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$$f(x) = x^2 \sqrt{5 - x^2}$$

Find the derivative at $(1, 2)$.

\begin{align} \frac{d}{dx} \left[ x^2 \sqrt{5 - x^2} \right] & = \frac{d}{dx} \left[ x^2 (5 - x^2)^{1/2} \right] \\ & = x^2 \frac12 (5 - x^2)^{-1/2}(-2x) + (5 - x^2)^{1/2}(2x) \end{align}

The equation is formed using the product rule and the chain rule. The author explained that $(-2x)$ was inserted as "multiply as the inside derivative", and $(2x)$ as the derivative of the first term.

I assume the following: $(-2x)$ is the derivative of the inside derivative which is $(5-x^2)$. $(2x)$ is the derivative of $x^2$.

My question is, why isn't $(-2x)$ multiplied for the 2nd part of the equation (after the $+$ sign)?

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  • $\begingroup$ The product rule being $\frac{d}{dx} f(x)g(x) = f'(x)g(x) + f(x)g'(x)$ means you do not have to apply the chain rule in the second term, as the entirety of $\sqrt{5-x^2}$ is being left undisturbed. $\endgroup$ – Theo Diamantakis May 7 '18 at 15:09
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Because that's the part where the external $x^2$ is differentiated

$$(fg)'=f'g+fg'$$

Here $f=x^2$ and $g=\sqrt{5-x^2}$, thus $f'=2x$ and $g'=-2x(5-x^2)^{-1/2}$, thus the result, the second part of the equation is $f'g$

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The $-2x$ is the derivative of the argument in the radical, $5-x^2$.

The $2x$ is the derivative of the left term outside the radical, $x^2$. For the second term in the derivative you take the right multiplicand as-is.

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Lets take a step back and think about what product rule states: $$\frac{d}{dx}(f(x)g(x)) = f'(x)g(x) + f(x)g'(x)$$

the $-2x$ is the result of applying chain rule to the square root function in your problem. For simplicity, say $$f(x) = x^2, g(x) = \sqrt{5-x^2}$$ Since the term on the LHS of your derivative includes $x^2$, or $f(x)$, we can conclude that the LHS is the $f(x)g'(x)$ term of the derivative.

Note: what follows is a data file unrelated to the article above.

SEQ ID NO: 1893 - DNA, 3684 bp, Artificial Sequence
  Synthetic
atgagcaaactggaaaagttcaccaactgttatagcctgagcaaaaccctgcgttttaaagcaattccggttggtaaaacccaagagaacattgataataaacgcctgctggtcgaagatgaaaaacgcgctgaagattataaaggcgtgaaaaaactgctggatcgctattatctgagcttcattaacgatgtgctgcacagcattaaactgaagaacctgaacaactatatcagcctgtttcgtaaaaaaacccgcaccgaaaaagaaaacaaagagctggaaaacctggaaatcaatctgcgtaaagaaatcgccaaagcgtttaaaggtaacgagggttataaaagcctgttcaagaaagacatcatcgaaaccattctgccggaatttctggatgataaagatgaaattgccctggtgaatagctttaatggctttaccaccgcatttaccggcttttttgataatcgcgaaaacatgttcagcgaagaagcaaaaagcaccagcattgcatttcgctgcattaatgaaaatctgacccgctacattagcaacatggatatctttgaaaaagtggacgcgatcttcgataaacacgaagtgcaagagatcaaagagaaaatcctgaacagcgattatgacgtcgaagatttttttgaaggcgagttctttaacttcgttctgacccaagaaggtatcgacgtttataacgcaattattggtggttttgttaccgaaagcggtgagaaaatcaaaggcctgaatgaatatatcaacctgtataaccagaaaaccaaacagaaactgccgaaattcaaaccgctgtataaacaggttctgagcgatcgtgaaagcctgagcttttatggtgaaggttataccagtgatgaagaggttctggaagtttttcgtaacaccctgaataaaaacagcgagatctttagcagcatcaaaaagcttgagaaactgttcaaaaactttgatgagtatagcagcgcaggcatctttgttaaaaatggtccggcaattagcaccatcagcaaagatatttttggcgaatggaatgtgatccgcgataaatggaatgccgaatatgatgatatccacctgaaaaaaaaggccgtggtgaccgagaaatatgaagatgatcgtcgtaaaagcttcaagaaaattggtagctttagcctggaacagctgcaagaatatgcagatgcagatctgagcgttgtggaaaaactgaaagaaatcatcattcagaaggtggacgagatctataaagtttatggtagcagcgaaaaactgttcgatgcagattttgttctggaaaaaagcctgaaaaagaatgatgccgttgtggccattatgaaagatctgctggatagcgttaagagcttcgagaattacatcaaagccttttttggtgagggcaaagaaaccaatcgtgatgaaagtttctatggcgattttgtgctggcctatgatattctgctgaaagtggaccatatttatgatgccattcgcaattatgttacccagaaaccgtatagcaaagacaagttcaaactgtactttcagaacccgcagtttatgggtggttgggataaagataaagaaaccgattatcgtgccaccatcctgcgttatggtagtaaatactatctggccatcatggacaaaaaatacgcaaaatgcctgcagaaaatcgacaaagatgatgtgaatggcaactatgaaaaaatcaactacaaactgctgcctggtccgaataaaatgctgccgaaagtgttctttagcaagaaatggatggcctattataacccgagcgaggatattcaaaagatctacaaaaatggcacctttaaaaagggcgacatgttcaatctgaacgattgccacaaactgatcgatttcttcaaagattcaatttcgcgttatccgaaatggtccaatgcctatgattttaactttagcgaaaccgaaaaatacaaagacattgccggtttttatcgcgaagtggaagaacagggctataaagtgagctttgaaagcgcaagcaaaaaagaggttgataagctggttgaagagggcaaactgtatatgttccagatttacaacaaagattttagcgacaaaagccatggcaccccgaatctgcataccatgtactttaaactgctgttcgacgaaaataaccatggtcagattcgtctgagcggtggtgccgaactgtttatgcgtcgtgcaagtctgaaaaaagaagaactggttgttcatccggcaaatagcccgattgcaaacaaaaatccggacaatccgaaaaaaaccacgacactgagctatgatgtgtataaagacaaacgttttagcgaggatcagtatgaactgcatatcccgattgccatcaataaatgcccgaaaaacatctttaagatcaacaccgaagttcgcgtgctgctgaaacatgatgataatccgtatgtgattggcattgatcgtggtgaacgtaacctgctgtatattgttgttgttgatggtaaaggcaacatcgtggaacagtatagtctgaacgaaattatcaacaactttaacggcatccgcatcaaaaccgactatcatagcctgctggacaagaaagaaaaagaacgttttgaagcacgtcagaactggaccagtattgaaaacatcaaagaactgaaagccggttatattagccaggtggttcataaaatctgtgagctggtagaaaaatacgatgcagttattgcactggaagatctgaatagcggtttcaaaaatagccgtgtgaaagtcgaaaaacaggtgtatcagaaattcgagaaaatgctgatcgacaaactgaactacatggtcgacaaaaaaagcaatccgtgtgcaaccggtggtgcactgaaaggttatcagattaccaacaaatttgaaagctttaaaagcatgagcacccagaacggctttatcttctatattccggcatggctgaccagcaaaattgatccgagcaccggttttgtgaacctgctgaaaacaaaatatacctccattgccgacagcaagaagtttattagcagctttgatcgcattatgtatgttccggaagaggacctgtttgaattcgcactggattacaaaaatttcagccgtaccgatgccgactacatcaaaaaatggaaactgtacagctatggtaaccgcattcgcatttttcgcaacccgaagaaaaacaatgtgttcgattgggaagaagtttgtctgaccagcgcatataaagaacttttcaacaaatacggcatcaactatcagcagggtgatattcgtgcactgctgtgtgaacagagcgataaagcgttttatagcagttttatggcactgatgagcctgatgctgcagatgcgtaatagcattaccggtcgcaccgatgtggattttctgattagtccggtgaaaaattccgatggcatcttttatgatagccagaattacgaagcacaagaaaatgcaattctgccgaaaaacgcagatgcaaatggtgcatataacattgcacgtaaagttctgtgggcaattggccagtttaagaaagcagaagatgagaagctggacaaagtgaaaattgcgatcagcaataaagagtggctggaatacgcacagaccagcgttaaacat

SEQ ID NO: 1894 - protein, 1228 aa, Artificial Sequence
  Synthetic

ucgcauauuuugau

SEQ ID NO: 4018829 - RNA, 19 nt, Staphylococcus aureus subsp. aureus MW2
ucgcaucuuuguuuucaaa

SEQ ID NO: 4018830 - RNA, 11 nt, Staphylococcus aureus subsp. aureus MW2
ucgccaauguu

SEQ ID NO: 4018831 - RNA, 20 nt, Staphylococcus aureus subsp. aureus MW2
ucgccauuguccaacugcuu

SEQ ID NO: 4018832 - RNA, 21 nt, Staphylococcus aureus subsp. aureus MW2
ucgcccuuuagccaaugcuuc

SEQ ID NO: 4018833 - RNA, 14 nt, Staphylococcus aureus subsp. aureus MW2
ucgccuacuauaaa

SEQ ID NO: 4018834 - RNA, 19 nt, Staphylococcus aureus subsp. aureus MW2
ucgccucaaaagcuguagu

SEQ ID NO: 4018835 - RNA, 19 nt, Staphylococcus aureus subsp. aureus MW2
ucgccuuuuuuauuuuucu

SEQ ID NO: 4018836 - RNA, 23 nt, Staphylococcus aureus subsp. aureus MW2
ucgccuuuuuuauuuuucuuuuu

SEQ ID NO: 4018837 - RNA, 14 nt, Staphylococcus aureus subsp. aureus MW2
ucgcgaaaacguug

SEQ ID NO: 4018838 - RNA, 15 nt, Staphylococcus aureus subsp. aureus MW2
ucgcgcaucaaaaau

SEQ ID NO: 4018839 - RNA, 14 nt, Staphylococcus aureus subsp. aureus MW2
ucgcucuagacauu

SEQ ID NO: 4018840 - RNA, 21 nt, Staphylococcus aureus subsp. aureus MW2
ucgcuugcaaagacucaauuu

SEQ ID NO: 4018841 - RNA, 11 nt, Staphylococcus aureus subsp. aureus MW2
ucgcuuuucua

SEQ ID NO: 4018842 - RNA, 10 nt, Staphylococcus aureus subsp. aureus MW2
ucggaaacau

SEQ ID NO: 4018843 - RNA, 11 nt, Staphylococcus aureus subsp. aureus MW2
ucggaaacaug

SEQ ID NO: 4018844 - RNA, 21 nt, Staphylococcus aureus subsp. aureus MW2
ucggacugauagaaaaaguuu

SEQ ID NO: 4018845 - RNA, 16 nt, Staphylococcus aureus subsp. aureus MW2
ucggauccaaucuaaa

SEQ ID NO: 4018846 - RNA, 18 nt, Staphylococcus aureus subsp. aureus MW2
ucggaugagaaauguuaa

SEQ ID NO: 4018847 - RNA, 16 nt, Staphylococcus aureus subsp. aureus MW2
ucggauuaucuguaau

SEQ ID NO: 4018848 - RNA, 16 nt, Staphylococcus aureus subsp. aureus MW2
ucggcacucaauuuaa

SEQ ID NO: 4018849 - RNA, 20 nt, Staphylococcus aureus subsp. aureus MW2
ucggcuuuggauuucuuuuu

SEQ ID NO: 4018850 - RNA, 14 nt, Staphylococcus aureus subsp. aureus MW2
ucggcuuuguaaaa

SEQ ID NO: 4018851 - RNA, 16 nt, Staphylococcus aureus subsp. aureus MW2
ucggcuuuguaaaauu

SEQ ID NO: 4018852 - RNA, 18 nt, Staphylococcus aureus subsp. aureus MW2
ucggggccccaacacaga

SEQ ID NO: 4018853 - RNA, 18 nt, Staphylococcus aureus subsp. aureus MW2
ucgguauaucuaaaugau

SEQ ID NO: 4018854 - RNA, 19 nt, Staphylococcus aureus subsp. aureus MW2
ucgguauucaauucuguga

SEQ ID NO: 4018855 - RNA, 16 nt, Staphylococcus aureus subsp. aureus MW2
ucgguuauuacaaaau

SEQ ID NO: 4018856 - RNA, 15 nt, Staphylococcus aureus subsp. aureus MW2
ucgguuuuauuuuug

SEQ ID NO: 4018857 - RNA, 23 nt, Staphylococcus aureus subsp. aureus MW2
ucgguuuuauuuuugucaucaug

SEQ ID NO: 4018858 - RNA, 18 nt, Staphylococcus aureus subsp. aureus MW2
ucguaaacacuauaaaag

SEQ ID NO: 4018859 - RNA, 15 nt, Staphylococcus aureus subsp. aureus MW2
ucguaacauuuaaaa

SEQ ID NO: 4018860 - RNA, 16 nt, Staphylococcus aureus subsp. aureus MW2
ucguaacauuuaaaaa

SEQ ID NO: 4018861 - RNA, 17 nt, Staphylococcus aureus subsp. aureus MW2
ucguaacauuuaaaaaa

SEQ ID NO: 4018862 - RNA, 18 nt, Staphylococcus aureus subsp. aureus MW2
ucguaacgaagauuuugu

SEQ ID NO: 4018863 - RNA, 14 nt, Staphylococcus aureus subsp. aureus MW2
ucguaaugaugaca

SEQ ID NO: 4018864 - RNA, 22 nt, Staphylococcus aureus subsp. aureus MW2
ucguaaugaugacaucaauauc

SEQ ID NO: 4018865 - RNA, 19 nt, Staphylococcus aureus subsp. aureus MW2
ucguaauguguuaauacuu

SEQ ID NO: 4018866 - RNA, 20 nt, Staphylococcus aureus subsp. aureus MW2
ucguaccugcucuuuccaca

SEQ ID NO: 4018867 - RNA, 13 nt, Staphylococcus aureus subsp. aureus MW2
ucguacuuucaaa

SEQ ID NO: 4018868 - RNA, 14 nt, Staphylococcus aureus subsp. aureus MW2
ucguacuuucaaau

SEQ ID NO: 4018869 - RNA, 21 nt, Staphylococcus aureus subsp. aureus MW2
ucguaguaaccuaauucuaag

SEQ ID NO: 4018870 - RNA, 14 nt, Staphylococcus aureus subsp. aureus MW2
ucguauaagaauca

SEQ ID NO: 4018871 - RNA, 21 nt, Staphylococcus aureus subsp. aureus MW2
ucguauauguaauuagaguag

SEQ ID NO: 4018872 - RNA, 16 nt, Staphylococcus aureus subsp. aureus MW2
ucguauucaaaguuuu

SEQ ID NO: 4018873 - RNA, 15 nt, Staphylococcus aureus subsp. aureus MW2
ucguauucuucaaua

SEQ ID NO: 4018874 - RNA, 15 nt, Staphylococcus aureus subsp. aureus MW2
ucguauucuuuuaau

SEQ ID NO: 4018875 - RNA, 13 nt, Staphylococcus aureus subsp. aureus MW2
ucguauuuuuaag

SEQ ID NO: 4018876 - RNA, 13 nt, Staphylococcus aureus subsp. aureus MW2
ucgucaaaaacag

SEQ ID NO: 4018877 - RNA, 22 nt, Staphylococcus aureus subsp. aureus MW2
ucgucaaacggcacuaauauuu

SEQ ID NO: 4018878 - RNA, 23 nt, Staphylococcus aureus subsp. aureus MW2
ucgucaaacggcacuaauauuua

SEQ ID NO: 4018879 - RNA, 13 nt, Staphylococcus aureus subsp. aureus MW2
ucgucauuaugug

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Let $p(x)=x^2$, $q(x)=\sqrt{x}$ and $r(x)=5-x^2$. Then $(p(x)\cdot q(r(x))^\prime = (q(r(x)))^\prime\cdot p(x) + q(r(x)) \cdot p^\prime(x) = q^\prime(r(x))\cdot r^\prime(x)\cdot p(x) + q(r(x)) \cdot p^\prime(x)$

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The derivative actually reads $f'(x) = u'(x)v(x) + u(x)v'(x)$ with $u(x)=x^2$ and $v(x)=\sqrt{5-x^2}$.

For $u(x)$, we have $u'(x)=2x$.

For $v(x)$, we can rewrite $v(x)=f(g(x))$ where $f(t)=\sqrt{t}$ and $g(x)=5-x^2$, so that $v'(x)=g'(x)f'(g(x))=-\frac{2x}{2\sqrt{5-x^2}}$.

Hence $f'(x)=2x\sqrt{5-x^2}-(x^2)(-\frac{2x}{2\sqrt{5-x^2}})=2x\sqrt{5-x^2}+x^2\frac{2x}{2\sqrt{5-x^2}}$, which is the equation shown.

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There are two different $x^2$ terms in the expression being differentiated. Let’s call the first one $g(x)$ and the second $h(x)$. Then we have $$\begin{align} \left(g(x)\sqrt{5-h(x)}\right)' &= g(x)\left(\sqrt{5-h(x)}\right)' + g'(x)\sqrt{5-h(x)} \\ &= \frac12 g(x)\left(5-h(x)\right)^{-1/2}(-h'(x)) + g'(x)\sqrt{5-h(x)}.\end{align}$$ Comparing this to the expression you’re asking about, you can see that the $-2x$ in the first term comes from differentiating the $x^2$ that’s under the radical, while the $2x$ in the second term comes from the $x^2$ outside the radical.

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